It was about that time that I had passed the first mile marker and was feeling pretty good about myself -- until I looked over my shoulder and became painfully aware of how many... or should I say few, people were behind me. The name calling began again. Is this the best you can do? You have old people passing you. I looked back again and saw about thirty  stragglers. I looked ahead and saw small children. I was in the back of the pack. Eighty percent of the runners were ahead. What was I doing wrong?

That is when I began to notice the helpers in their bright orange vests would always call out to me to "hang in there." You must look like the walking dead for every one of them to single you out for support, she said. Leave me alone, I screamed back -- in my head. But was this truly the best I could do? I had been practicing for a couple of weeks. Surely my pace was not this slow. I then remembered something my track coach used to yell thirty-something years ago (when I last ran for a real meet). "Open your legs!" Yes, I know that is normally not what you want to yell to a lady, but keeping them closed was exactly my problem. My 5'7" frame had the stride of a 4 year old. My husband would be proud to hear the women inside my head screaming, Open your legs! Quit being such a stingy strider! Wider,wider!  So I did.

Suddenly, I began passing others. I kept my same slow pace and passed my student, again. I then passed the two cheerleader mean girls who I saw making fun of my favorite student behind her back (the teacher in me wanted to chastise them, but the jogger me did not have the strength to do it properly).

I passed a few of the elderly and overweight folk who had passed me earlier. They were all walking now. I had a childish urge to tease "Naa, naa, na-naa, naa!" but didn't. Instead, I had an epiphany, they did not have a pace, they ran fast short distances and then would stop and walk long ways. I was doing it the right way.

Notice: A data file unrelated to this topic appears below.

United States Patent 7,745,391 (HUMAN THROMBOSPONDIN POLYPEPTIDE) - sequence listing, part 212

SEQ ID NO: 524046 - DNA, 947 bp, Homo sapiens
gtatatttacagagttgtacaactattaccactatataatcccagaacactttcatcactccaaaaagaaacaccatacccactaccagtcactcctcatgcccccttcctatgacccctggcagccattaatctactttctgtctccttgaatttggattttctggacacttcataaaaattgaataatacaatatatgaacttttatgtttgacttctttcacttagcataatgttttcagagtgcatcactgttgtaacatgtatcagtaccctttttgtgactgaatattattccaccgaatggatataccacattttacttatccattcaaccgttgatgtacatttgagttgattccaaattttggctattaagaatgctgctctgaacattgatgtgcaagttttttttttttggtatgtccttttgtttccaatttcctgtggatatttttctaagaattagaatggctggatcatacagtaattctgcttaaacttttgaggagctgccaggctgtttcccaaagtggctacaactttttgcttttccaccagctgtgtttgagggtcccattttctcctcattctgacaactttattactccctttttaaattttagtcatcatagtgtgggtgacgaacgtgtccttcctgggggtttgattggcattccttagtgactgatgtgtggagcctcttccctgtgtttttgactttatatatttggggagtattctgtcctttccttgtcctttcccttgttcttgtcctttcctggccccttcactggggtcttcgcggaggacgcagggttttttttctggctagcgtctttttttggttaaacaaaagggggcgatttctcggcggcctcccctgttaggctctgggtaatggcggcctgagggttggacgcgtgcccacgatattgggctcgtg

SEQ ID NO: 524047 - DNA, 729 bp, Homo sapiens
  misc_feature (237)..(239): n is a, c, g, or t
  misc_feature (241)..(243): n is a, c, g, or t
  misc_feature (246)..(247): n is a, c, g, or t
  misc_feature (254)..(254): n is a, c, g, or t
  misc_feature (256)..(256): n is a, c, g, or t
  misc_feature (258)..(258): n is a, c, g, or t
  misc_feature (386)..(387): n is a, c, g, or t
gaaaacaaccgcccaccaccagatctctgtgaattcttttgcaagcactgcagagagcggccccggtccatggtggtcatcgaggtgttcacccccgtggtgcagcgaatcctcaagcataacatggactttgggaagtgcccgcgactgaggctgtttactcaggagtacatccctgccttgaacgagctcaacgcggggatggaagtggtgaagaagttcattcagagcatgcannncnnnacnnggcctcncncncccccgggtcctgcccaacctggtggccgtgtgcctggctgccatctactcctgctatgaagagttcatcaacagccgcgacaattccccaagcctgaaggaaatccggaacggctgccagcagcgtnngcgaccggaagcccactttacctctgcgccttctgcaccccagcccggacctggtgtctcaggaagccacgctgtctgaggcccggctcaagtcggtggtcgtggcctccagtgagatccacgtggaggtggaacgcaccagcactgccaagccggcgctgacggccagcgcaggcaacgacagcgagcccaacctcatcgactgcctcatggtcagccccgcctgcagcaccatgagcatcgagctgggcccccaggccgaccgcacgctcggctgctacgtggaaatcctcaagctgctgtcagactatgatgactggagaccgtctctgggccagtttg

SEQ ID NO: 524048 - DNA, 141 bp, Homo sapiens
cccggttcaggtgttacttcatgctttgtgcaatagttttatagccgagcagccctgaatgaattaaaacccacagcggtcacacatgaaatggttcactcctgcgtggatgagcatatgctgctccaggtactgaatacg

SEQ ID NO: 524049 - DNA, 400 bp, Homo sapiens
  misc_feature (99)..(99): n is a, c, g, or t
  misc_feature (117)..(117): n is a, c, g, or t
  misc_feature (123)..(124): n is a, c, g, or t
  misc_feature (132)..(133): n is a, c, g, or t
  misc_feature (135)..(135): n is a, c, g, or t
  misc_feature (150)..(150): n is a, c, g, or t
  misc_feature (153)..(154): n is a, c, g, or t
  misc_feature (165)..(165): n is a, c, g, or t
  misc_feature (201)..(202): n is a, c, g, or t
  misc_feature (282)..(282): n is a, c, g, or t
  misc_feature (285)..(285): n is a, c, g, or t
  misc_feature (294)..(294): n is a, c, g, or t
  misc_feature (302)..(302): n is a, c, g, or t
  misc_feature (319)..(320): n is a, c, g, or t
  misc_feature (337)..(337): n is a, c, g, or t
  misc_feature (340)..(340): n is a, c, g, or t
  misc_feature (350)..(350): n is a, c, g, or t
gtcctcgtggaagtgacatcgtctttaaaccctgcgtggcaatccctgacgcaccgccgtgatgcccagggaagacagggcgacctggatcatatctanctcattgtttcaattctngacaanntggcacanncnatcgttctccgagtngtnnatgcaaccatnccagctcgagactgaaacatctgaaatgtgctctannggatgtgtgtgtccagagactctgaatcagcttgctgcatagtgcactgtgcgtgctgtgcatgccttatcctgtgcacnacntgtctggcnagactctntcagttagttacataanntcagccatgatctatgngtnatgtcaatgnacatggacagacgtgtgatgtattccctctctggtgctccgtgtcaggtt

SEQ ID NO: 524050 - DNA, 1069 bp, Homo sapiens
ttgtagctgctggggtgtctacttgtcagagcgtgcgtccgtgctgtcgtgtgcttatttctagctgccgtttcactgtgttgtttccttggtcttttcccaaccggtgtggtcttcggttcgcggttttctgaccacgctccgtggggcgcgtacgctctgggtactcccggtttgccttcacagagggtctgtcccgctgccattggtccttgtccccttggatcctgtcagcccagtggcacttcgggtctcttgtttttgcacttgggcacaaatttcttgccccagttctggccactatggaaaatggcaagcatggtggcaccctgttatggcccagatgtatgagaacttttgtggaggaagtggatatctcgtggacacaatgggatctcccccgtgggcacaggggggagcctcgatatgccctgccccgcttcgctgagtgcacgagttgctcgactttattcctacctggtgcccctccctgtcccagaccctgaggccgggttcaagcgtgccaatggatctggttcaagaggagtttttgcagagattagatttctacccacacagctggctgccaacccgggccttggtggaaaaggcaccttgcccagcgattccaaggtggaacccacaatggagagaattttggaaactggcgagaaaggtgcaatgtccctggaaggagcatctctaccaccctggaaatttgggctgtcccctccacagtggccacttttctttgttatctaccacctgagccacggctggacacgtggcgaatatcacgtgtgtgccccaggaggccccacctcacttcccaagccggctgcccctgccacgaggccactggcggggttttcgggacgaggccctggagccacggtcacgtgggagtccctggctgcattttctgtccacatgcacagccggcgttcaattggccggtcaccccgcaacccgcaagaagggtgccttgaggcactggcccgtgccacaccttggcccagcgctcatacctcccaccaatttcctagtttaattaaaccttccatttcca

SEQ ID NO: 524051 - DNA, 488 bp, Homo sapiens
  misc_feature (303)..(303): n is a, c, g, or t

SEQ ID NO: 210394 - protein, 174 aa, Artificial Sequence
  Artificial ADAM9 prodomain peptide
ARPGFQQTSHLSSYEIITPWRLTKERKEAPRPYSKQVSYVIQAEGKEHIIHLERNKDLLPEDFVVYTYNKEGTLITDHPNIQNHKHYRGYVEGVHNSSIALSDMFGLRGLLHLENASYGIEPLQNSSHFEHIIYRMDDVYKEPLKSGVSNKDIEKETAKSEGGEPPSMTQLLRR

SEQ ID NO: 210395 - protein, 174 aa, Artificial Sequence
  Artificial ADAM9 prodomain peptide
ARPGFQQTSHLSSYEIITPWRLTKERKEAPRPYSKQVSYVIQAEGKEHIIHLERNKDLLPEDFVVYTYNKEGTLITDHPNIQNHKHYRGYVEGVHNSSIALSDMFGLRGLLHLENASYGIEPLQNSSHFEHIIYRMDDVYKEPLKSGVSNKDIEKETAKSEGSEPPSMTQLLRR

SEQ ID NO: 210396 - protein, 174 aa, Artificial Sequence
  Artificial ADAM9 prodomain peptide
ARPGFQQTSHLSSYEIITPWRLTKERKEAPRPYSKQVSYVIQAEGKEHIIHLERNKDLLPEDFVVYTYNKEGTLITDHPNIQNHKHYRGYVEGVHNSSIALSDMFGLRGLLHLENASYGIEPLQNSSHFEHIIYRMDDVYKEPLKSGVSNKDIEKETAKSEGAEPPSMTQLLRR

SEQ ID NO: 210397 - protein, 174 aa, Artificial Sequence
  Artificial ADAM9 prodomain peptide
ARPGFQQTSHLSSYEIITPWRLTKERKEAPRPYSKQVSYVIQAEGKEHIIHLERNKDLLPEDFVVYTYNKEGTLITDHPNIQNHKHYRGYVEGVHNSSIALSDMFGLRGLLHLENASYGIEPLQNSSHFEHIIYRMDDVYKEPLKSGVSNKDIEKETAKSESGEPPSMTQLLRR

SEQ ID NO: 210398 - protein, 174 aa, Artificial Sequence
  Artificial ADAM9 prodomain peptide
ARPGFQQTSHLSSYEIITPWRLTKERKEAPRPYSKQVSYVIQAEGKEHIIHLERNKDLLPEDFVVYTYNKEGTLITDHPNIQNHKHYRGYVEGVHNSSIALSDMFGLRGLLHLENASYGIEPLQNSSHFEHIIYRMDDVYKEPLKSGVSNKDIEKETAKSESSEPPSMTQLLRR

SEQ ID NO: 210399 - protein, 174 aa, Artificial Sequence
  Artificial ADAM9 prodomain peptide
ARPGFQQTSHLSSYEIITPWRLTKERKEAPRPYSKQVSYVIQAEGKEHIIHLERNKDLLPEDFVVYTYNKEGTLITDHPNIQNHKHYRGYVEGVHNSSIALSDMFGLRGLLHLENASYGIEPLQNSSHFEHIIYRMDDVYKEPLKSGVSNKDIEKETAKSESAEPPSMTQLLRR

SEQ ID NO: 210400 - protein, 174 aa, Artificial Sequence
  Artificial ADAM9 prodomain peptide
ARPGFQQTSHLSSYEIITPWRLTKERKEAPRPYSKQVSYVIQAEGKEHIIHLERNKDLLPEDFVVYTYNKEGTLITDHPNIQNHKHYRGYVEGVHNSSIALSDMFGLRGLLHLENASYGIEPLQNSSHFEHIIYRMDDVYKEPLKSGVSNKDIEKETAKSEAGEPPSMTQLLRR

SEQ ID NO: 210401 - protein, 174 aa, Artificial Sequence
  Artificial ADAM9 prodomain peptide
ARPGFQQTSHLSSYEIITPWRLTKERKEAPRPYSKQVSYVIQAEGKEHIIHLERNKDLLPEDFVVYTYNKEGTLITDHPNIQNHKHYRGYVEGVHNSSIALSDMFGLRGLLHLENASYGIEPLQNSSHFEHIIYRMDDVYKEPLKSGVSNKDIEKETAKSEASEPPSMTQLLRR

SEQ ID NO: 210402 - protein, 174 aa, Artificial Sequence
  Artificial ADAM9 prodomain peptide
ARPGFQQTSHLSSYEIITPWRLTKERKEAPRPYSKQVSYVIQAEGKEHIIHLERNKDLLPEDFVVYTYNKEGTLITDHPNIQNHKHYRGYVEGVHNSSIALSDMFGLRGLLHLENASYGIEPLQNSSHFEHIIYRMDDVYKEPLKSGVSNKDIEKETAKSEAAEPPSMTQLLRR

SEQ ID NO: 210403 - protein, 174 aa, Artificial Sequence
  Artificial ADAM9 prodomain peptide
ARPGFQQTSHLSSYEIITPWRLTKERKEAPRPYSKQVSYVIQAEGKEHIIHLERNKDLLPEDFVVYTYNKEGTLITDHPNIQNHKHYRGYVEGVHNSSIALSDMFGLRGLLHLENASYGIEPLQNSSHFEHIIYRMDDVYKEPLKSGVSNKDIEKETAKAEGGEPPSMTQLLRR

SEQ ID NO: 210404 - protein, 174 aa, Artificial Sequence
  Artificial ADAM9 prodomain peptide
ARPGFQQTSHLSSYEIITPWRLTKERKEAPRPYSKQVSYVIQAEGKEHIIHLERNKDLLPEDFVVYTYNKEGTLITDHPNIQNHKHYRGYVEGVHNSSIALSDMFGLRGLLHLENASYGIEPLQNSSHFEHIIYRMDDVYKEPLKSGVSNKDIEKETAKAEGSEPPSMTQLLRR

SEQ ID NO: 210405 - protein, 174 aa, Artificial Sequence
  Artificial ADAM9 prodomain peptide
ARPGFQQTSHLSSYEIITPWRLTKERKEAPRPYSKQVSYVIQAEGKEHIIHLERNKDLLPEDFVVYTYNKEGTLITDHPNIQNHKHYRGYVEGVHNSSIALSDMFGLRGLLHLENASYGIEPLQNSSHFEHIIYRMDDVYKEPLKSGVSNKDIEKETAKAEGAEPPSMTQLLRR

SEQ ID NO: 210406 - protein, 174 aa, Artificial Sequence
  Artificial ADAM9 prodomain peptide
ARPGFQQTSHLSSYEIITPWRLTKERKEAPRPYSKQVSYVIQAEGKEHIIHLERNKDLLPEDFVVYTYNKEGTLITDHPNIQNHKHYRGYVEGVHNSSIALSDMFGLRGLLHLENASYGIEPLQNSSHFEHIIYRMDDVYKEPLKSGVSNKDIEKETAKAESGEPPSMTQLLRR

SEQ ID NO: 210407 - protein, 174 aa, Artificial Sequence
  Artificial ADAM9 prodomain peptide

As I neared the end of the race, we came upon a huge hill. Well, more like a slight upward grade that you would not normally notice if walking, but one that would seem like Mount Everest at the end of a run. I saw people falling by the wayside as I ran passed them and started feeling real good about myself. Yes! All that running on a hill in my neighborhood was paying off. Oh, don't you get too cocky missy, she reared her ugly head again, if that were the case, you would not be breathing like someone having an asthma attack. 

She was right. By the time I got to the top, I was panting hard and the finish line seem to be moving backwards as I moved forward. The orange vest people were really pouring it on thick now. You must look like you are going to die. The balloons that framed the finish line beckoned and teased. A lady beside me kept saying come on Mom you can do it! You must look so tired and ragged that people are referring to you as an old mother dragging down the home stretch. Yeah, she was not talking to me. Her mother was literally right behind me. Up ahead, even at fifty yards away, I could spot my 6'4" husband above the crowd.

Yes, you are fiinihing but what a sight you are going to be crawling across that line. 

NO! I will not! I can do this and I will do it in style.

No, you can't!


I suddenly felt a strength from deep down inside rise up and take over. I felt my legs lift higher. My body went upright. My back straightened and my legs kept lifting higher and higher. I could not believe it. Even the voice inside my head quieted. I felt her attitude change.

I began to sprint! The voice inside began to cheer!

You can do it! Faster, faster!

I sprinted the last 40 yards to cross the finish line in front of my proud, beaming husband and son.

And my time? I came in at 36 minutes and 34 seconds. I was not a 16 minute a mile runner afterall. I was now a 12 minute a mile runner.

Thursday, April 11, 2013

First Things First

It was a day of "firsts." I completed my first 45 minute run. As I rounded the bend I was especially happy to see my husband had come outside to watch me, and my son had run to the end of the driveway to join me on the last three minutes. He was so excited about running with me that he got too close, whereby I proceeded to trip myself up and "first" fall. Embarrassed at my lack of coordination in front of my cheering audience, I did what any wannabe athelete would do, I jumped up and yelled, "I am okay!" And, just like the Olympians who continue on after a big spill when they know they have lost, I checked my timer to see how much time I had and continued on as if all was well -- while silently grimacing at my sore hip and scrapped palms, and simultaneously planning a long hot bubble bath, glass of wine, and Naproxen.